“If weeds are detected in fall, they can be controlled and you don’t have to worry about controlling big weeds in the spring,” Marijke explains. “Then, when you scout in early spring, it’s important to know which weeds or weed families are susceptible to developing glyphosate resistance. When you see those weeds in the field, you need to manage them as though they are resistant to glyphosate.” She notes that glyphosate-resistant Canada fleabane has been found in 30 counties, stretching from Essex County in the southwest, all the way to Glengarry County in the east.

Marijke says good record keeping is a must. “Records become crucial. You need to record what weed species are in the field and what herbicide programs are being used so you can track modes of action. This helps ensure you target those weeds every year with multiple modes of action.”

It’s important for agronomists to help growers diversify both crop and herbicide rotations. In Ontario, that starts with expanding rotations to include corn, soybeans and wheat. Forages and other crops can add further diversity. Other recommendations include: rotating herbicide modes of action; using multiple modes of action; ensuring full rates are used to kill weeds; and shooting for excellent weed control to ensure potential resistant weeds do not set seed in your field.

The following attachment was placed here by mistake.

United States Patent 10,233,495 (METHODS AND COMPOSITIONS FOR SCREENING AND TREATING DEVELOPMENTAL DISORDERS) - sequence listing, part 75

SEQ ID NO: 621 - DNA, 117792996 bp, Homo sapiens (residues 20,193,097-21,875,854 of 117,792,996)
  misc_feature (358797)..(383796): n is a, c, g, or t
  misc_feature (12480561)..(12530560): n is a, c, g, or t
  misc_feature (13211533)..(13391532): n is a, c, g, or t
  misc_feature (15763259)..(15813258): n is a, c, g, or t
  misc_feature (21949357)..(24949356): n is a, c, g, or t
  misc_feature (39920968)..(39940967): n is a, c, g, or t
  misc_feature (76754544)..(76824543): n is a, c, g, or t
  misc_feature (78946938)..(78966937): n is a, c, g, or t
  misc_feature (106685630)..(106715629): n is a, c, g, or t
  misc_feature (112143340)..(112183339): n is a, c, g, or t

Multiple modes of action

“Whenever we use a burndown herbicide, we need to add a second effective mode of action to the tank,” Marijke says. “The same is true for post-emerge applications. We don’t want to rely solely on glyphosate. We need to add another herbicide with a different mode of action to address the weeds on that farm.”

When it comes to tank-mix considerations, Marijke notes that Syngenta offers several strong options for controlling herbicide-resistant weeds in corn and soybean crops. When tackling waterhemp in corn, Acuron® offers 95% control when applied pre-emerge; Callisto® GT and Halex® GT also provide post-emerge control options. In soybeans, Boundary® LQD delivers 86% control of glyphosate-resistant waterhemp when applied pre-emerge. Reflex® also provides good control on waterhemp.